Martin Bean, the Vice-Chancellor of the UK Open University stated: “OERs and MOOCs are opening new doors, encouraging new thinking, forcing a venerable old industry to take a look at itself in the mirror and have a long hard think about what it wants its future to look like.”

Sir John Daniel lately stated “The real revolution of MOOCs is that universities with scarcity at the heart of their business are suddenly embracing openness”.

  • There’s been some controversy with what ‘open’ means or should mean...

MOOCs are not only a breakthrough of online education but also of Open Education and Flexibility (the next hype term). But open is not the same as free and online.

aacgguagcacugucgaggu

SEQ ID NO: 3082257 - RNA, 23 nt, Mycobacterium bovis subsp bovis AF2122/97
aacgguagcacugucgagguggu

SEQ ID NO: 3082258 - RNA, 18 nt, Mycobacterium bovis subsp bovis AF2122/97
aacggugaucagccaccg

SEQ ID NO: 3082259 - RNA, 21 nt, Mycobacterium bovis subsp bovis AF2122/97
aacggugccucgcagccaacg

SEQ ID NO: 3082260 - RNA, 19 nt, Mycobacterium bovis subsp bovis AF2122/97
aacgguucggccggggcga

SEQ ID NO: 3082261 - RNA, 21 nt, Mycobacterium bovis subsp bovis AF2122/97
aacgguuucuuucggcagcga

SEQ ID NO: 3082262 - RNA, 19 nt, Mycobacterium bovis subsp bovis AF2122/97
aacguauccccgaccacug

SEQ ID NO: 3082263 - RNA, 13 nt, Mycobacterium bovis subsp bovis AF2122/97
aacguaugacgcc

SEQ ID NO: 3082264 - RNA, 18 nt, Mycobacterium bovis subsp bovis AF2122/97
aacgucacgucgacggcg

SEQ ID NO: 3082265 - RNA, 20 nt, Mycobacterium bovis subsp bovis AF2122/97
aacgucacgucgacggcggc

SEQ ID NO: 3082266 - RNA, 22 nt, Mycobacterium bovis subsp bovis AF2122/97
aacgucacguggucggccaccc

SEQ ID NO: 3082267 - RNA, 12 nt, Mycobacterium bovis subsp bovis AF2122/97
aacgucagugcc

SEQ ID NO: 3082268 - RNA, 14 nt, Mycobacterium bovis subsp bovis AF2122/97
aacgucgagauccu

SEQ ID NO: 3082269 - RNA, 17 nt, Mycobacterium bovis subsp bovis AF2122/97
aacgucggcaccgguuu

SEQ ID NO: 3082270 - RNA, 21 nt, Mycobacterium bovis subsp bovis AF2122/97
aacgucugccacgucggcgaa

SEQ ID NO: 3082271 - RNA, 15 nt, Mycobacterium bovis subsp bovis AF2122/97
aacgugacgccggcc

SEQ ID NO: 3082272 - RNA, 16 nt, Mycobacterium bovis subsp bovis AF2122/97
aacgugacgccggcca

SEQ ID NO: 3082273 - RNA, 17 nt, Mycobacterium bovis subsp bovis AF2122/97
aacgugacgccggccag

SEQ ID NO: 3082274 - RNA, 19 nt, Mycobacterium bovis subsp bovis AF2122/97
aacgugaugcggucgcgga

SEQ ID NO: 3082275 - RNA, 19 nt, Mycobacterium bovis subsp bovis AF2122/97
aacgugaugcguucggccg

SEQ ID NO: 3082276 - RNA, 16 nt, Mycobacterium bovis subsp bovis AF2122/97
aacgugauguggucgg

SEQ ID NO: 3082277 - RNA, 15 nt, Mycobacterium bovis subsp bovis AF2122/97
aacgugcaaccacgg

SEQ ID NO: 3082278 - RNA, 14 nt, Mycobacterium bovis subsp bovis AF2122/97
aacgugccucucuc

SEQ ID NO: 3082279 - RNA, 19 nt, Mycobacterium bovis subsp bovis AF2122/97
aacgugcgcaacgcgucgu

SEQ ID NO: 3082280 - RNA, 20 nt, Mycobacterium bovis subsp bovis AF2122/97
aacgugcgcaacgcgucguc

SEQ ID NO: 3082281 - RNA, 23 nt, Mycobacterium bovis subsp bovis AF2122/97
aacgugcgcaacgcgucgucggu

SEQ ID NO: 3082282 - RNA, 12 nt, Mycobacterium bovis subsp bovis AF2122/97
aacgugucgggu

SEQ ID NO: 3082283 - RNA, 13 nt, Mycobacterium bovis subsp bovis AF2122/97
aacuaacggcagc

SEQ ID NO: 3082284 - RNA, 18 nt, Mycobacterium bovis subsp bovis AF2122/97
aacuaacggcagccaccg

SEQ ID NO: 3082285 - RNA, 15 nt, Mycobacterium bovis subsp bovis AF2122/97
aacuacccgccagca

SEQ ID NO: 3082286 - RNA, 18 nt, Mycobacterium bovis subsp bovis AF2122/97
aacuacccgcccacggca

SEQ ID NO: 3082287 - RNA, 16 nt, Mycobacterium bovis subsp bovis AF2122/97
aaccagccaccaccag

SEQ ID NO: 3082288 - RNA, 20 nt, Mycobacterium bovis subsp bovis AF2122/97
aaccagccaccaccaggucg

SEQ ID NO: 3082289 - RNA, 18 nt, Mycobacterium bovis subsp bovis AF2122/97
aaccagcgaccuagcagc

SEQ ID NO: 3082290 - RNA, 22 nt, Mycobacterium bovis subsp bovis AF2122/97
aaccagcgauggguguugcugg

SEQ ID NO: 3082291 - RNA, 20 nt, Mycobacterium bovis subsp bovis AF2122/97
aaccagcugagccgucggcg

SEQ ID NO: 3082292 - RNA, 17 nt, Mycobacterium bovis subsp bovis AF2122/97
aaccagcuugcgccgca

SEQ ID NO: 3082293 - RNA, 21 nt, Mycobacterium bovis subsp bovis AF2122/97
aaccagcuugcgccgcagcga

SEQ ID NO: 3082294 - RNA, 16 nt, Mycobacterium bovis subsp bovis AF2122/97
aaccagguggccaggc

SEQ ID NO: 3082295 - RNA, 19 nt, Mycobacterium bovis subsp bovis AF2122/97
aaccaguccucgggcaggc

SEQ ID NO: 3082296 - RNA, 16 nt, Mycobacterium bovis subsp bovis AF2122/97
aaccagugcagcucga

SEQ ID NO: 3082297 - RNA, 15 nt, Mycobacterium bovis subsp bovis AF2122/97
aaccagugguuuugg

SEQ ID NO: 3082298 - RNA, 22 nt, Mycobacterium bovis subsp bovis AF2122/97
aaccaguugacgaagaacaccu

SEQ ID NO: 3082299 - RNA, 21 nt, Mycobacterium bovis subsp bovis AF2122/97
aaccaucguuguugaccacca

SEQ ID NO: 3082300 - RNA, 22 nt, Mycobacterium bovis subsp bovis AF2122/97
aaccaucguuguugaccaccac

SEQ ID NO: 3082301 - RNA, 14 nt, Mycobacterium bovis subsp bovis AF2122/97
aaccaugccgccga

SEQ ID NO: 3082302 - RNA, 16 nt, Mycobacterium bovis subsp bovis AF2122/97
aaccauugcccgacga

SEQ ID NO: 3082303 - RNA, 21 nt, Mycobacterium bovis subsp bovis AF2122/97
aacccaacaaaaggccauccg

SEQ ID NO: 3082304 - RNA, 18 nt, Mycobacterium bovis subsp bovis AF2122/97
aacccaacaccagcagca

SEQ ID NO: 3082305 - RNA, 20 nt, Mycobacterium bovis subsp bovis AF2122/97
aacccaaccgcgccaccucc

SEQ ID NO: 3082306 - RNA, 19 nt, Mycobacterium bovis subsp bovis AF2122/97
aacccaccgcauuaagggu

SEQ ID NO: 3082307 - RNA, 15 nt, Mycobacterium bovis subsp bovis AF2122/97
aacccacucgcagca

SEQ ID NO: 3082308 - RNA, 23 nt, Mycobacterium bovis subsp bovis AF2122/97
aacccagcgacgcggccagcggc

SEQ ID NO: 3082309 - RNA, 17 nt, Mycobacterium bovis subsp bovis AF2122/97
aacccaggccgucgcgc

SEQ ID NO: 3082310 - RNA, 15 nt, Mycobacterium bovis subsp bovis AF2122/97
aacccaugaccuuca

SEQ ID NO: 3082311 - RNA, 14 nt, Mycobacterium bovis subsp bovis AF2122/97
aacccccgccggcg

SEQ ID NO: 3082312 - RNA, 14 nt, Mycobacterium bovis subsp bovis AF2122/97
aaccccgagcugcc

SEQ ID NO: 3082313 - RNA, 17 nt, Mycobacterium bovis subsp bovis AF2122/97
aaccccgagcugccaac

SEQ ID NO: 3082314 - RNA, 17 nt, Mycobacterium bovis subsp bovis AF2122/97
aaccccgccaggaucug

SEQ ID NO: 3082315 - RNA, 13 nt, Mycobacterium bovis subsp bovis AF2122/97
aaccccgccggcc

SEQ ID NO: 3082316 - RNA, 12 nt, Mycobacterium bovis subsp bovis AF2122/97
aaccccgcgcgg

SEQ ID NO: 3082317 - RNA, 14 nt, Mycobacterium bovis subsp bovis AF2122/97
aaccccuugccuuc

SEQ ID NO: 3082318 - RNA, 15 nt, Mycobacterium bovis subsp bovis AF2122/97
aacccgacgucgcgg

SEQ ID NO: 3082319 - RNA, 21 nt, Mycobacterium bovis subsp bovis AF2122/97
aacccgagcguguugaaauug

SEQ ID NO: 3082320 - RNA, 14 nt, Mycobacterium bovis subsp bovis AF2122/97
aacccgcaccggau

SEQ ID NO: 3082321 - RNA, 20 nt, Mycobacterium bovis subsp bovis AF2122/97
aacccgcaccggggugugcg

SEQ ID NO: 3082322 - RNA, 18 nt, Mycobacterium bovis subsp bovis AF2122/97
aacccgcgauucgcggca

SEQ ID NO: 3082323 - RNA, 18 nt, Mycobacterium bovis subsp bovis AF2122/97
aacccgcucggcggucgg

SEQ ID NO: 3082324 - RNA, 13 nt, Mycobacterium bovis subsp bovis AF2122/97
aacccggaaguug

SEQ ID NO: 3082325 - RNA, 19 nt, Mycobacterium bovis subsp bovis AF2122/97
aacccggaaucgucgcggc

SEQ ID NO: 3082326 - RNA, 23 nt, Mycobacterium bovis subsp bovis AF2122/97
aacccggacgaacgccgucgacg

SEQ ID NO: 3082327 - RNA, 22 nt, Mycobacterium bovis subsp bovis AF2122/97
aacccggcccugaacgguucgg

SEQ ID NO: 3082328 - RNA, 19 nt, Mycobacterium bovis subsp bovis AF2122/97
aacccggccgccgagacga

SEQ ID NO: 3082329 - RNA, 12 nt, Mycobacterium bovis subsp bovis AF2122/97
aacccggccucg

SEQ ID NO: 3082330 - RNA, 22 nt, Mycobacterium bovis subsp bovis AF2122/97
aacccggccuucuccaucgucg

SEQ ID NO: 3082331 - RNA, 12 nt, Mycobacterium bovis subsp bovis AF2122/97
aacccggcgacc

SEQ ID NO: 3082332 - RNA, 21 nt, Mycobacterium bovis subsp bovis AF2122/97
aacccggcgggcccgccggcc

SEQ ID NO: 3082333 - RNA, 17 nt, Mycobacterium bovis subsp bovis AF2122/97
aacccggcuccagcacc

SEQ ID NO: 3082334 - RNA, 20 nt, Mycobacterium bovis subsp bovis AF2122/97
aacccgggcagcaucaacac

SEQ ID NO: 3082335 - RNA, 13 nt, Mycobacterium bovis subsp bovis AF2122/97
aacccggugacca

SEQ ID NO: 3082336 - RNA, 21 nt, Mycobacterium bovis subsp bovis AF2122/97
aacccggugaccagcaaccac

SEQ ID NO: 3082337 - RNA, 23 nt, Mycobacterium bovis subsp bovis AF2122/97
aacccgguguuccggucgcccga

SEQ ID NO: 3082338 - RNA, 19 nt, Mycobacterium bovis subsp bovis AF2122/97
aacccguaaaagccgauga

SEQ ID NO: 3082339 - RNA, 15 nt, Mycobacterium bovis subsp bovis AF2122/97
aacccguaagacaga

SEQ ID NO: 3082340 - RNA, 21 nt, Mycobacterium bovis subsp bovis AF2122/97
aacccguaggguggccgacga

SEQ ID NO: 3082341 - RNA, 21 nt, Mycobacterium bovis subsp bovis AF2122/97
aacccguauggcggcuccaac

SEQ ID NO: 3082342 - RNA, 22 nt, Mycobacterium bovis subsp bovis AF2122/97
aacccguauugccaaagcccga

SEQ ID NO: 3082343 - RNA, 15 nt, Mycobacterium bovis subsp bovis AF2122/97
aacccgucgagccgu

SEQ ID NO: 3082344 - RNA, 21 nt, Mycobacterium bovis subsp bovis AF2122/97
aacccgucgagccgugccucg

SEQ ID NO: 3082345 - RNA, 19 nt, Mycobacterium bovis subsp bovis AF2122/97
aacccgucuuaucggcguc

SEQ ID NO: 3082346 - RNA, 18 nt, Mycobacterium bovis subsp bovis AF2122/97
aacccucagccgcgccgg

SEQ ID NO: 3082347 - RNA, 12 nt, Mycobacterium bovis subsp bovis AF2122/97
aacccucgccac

Openness can indicate:
- open access to courses without entry qualifications
- free online available resources (e.g., open educational resources and MOOCs)
- open licensing of educational material permitting reuse, reworking and redistribution (e.g. OER, open access journals, open source applications)
- acceptance of credits for prior learning (APL) or credits from other institutions (ECTS)
- access for everybody, hence also for those with special needs
- open pedagogy
- open in the sense of affordable

Flexibility can indicate:
- flexibility in terms of space, time and pace of study
- flexibility in terms of the choice of courses, in order to personalise the curriculum
- flexibility in terms of pedagogy to enable students to adjust study-paths and enable remediation after assessment

  • What about the criticism that MOOCs are herald a new era of severe cost cutting?